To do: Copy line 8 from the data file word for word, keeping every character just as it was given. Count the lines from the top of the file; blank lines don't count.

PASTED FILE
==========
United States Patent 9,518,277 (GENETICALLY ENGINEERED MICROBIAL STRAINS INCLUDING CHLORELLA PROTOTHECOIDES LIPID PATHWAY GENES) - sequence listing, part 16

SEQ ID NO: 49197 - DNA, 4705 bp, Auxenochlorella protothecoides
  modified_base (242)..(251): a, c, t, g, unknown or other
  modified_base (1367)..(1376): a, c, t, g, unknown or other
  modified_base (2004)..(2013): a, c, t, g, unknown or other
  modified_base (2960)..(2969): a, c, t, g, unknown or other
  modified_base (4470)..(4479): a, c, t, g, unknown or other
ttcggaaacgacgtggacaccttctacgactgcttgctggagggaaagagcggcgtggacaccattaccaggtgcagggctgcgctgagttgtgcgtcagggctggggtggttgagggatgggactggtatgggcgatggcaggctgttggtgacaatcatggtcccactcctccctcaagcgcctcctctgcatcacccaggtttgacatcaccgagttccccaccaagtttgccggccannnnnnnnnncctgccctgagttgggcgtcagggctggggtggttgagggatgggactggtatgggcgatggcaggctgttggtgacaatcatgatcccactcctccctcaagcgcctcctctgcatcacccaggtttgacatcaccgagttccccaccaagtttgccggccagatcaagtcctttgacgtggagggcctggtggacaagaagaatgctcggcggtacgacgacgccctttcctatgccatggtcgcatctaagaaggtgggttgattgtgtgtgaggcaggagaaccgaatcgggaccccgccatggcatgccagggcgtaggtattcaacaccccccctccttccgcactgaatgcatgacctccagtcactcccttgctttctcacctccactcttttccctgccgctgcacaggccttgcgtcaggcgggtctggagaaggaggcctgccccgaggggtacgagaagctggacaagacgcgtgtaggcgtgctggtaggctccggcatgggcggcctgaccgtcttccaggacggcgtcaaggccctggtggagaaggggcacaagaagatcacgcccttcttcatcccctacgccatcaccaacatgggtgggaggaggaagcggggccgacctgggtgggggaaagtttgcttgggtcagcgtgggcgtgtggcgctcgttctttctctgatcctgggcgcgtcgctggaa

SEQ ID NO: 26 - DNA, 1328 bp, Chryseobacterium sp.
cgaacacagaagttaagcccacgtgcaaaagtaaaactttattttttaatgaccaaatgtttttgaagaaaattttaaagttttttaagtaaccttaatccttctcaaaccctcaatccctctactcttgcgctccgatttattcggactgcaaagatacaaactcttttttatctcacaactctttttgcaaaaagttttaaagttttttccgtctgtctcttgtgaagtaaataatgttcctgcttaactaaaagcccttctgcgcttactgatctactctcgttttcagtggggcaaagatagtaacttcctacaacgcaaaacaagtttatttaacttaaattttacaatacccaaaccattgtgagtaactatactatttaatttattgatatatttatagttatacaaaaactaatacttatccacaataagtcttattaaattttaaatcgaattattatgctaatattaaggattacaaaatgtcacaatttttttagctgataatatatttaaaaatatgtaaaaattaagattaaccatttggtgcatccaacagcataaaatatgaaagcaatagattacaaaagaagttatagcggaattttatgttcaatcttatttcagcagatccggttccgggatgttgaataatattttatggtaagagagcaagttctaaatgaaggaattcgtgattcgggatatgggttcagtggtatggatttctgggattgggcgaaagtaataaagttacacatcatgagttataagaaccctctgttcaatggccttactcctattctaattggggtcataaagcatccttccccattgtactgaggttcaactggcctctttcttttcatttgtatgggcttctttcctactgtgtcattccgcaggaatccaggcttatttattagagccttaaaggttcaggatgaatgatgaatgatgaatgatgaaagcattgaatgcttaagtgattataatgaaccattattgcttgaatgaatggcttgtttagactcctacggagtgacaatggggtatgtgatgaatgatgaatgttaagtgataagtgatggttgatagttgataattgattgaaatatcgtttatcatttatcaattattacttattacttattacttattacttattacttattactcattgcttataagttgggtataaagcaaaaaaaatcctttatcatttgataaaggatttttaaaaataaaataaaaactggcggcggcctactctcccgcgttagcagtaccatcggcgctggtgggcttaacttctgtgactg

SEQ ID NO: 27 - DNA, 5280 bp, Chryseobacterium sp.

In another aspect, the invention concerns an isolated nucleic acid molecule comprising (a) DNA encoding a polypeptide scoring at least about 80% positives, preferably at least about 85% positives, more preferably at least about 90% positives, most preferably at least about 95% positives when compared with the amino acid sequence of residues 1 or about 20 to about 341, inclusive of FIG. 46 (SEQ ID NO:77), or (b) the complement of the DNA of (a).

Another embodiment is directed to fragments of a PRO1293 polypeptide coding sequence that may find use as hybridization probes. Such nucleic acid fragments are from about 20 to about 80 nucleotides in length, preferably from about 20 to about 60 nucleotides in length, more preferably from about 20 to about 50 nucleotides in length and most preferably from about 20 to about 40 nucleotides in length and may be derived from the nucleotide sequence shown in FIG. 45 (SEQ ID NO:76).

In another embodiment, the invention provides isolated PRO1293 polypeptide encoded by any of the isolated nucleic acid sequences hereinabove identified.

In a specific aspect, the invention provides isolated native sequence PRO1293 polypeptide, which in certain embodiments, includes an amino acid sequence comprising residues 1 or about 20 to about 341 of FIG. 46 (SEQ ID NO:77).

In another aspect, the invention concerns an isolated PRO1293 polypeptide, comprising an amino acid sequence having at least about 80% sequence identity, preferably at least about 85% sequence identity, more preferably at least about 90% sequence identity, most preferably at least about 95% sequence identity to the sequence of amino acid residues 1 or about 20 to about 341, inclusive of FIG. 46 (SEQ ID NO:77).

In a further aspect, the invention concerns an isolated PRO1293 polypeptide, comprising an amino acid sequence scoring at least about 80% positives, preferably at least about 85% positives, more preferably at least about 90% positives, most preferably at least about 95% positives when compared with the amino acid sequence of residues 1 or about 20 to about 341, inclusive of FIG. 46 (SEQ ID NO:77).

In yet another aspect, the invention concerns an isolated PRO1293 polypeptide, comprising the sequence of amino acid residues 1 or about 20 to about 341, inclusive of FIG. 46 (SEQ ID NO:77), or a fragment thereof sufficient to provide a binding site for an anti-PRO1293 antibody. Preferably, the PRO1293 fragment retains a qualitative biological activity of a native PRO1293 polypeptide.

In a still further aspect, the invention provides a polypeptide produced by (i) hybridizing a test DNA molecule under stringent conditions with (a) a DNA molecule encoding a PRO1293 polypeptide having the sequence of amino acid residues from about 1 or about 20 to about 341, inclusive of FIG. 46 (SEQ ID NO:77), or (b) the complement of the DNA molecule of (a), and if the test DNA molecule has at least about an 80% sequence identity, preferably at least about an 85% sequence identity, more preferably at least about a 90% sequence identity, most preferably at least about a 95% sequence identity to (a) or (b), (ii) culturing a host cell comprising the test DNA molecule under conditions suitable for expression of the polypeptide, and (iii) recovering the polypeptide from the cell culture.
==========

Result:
ttcggaaacgacgtggacaccttctacgactgcttgctggagggaaagagcggcgtggacaccattaccaggtgcagggctgcgctgagttgtgcgtcagggctggggtggttgagggatgggactggtatgggcgatggcaggctgttggtgacaatcatggtcccactcctccctcaagcgcctcctctgcatcacccaggtttgacatcaccgagttccccaccaagtttgccggccannnnnnnnnncctgccctgagttgggcgtcagggctggggtggttgagggatgggactggtatgggcgatggcaggctgttggtgacaatcatgatcccactcctccctcaagcgcctcctctgcatcacccaggtttgacatcaccgagttccccaccaagtttgccggccagatcaagtcctttgacgtggagggcctggtggacaagaagaatgctcggcggtacgacgacgccctttcctatgccatggtcgcatctaagaaggtgggttgattgtgtgtgaggcaggagaaccgaatcgggaccccgccatggcatgccagggcgtaggtattcaacaccccccctccttccgcactgaatgcatgacctccagtcactcccttgctttctcacctccactcttttccctgccgctgcacaggccttgcgtcaggcgggtctggagaaggaggcctgccccgaggggtacgagaagctggacaagacgcgtgtaggcgtgctggtaggctccggcatgggcggcctgaccgtcttccaggacggcgtcaaggccctggtggagaaggggcacaagaagatcacgcccttcttcatcccctacgccatcaccaacatgggtgggaggaggaagcggggccgacctgggtgggggaaagtttgcttgggtcagcgtgggcgtgtggcgctcgttctttctctgatcctgggcgcgtcgctggaa